Steelers GM: ‘Hopefully’ Ben Roethlisberger Will ‘Feel the Same Way We Do’

Ben Roethlisberger

Joe Sargent/Getty Images Ben Roethlisberger #7 of the Pittsburgh Steelers throws a pass during the first half of the AFC Wild Card Playoff game against the Cleveland Browns on January 10, 2021.

In the immediate aftermath of Pittsburgh’s embarrassing playoff loss to the Cleveland Browns, the Steelers seemed ‘optimistic’ that quarterback Ben Roethlisberger would be back for the 2021 season. But today that outcome seems more and more in doubt.

In late January team president Art Rooney II stated that the Steelers “can’t have [Roethlisberger] back” under his current contract. More recently, a Steelers insider related some of the reasons why Roethlisberger’s return “still might not work out.”

Meanwhile, a planned meeting between Art Rooney, head coach Mike Tomlin and Roethlisberger has not taken place, though the deadline for determining Roethlisberger’s status is now just a month away.

Kevin Colbert on Ben Roethlisberger’s Future

On Wednesday, the situation seemed to get murkier still.

“As we sit here today, Ben is a member of the Pittsburgh Steelers,” said general manager Kevin Colbert, this according to ESPN staff writer Brooke Pryor. “He reiterated to us that he wants to continue to play. We told him we have to look at this current situation.”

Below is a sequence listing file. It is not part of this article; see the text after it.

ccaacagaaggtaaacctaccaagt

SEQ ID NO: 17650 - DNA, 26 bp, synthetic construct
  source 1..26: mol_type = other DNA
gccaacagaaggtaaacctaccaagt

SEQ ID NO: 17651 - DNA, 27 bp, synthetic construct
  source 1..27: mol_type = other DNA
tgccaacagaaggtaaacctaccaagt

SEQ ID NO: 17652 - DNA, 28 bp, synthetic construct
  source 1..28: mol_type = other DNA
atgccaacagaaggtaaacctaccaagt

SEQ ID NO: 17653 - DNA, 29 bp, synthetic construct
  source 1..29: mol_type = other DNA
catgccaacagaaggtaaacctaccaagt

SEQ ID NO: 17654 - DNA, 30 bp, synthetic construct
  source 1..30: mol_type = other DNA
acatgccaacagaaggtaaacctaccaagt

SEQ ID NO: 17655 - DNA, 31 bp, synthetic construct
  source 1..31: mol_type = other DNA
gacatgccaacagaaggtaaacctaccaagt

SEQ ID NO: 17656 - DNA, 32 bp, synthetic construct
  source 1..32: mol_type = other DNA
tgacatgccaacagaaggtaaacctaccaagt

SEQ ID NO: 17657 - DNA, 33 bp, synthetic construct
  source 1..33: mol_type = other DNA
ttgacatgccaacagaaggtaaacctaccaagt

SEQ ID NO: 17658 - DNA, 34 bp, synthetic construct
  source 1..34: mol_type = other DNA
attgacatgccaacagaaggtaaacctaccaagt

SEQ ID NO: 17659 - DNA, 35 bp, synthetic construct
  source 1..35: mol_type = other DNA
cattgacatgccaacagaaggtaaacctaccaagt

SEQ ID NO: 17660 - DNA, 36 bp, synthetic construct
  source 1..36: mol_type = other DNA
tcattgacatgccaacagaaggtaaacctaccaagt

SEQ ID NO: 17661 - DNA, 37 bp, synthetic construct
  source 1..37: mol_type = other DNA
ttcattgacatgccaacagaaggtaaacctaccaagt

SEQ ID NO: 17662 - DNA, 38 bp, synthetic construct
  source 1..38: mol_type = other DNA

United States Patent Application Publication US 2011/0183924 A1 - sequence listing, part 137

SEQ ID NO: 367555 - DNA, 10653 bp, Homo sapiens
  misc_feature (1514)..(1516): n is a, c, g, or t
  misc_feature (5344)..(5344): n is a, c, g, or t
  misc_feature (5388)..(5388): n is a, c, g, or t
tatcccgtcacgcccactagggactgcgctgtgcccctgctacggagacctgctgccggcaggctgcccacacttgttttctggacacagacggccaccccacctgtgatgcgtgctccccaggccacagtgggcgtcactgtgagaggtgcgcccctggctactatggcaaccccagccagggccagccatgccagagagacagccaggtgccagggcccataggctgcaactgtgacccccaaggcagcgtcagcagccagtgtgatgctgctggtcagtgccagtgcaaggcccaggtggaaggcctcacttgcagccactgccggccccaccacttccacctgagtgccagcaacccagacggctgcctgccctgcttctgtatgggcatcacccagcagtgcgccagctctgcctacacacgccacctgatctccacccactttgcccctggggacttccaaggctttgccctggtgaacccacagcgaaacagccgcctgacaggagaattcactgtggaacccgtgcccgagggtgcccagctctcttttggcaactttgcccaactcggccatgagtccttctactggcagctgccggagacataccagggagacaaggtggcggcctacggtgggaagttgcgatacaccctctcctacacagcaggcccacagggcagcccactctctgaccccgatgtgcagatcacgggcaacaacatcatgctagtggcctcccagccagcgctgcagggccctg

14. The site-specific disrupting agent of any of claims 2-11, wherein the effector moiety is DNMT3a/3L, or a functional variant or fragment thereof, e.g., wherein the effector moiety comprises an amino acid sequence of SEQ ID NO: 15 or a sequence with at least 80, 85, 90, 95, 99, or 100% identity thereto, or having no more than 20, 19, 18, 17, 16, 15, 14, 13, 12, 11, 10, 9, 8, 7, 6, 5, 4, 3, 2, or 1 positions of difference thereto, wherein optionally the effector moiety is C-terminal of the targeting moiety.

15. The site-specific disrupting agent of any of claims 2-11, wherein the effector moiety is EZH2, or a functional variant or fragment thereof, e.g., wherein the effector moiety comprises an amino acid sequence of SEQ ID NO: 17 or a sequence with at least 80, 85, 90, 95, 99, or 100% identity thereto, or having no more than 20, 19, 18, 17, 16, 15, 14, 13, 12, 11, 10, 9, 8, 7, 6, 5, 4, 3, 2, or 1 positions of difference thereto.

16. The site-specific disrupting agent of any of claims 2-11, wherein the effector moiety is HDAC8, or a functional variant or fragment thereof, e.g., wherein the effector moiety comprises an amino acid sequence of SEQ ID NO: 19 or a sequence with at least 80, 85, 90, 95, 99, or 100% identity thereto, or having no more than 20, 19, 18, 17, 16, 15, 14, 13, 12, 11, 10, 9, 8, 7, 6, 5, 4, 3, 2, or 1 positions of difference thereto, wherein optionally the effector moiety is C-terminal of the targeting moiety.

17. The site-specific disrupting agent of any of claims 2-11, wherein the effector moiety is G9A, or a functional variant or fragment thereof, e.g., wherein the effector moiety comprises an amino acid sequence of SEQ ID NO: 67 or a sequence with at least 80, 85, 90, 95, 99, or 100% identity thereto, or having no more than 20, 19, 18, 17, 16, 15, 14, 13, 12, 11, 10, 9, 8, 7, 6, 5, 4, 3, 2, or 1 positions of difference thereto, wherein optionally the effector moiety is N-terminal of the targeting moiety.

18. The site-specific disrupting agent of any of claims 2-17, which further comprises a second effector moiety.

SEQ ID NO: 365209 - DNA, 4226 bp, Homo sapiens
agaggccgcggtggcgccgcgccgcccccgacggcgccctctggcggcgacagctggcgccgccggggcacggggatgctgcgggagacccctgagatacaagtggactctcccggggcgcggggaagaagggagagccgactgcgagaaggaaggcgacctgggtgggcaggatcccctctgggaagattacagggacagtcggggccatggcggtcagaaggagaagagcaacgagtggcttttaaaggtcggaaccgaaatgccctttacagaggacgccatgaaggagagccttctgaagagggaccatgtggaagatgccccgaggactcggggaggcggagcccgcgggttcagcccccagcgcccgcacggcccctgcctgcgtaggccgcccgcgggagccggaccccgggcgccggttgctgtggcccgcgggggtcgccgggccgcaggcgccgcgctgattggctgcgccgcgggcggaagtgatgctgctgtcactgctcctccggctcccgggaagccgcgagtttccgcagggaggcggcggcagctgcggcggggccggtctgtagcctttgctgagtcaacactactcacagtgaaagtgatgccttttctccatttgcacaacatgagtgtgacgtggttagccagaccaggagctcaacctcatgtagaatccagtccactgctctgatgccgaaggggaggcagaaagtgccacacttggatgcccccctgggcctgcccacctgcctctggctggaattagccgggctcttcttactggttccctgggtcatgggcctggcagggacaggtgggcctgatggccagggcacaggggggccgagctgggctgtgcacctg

Pryor notes that the use of the qualifier “as we sit here today” is “almost never a good sign” and similar to when Los Angeles Rams head coach Sean McVay said Jared Goff was the Rams’ QB “right now.”

Of course, Goff was subsequently traded to the Detroit Lions—along with two first-round picks and a third-round pick—in exchange for Matthew Stafford.

The Steelers Must Be Salary Cap Compliant by March 17

On Wednesday Colbert noted that the team’s first order of business is to get in compliance with the salary cap, which the club must do by March 17th—the start of the new league year.

At the moment, the Steelers are more than $30.6 million over the cap, per As such the Steelers are going to have to release multiple players and/or restructure multiple player contracts to get in compliance.

After that the Steelers will make “guesstimates as to what we can do to put the best team together for our sake and for Ben’s sake,” said Colbert, who is aware as anyone that the Steelers have 19 unrestricted free agents, few of whom are likely to be retained.

“It’s an ongoing process,” Colbert added. “I’m sure he’s going to want to see what type of team we can keep together under our current situation. Hopefully we can all make the correct adjustments to keep the group together as much as possible.”

That was one of many hopeful-sounding statements that Colbert sprinkled throughout the conversation on Wednesday.

“Hopefully there’s a way that we can try to figure out and do what’s best for the organization and do what’s best for Ben. Hopefully he’ll be able to see that and feel the same way we do. There’s a lot of work that needs to be done, not only with Ben, with the whole unrestricted free-agent class and our whole cap situation as well.”

Ben Roethlisberger’s Albatross of a Contract

If Roethlisberger retires or is released, he will count $22.25 million against the 2021 salary cap, this as compared to his current cap number of $41.2 million. If the team opts to give him an extension and convert his base salary and roster bonus into a signing bonus spread out over multiple years, the most the team can reduce his cap hit to is $27.125 million.

Notably, Big Ben will turn 39 years old in early March and the other franchise quarterbacks from his draft class—namely Eli Manning and Philip Rivers—have already retired, as have almost all of the other players from the 2004 class.

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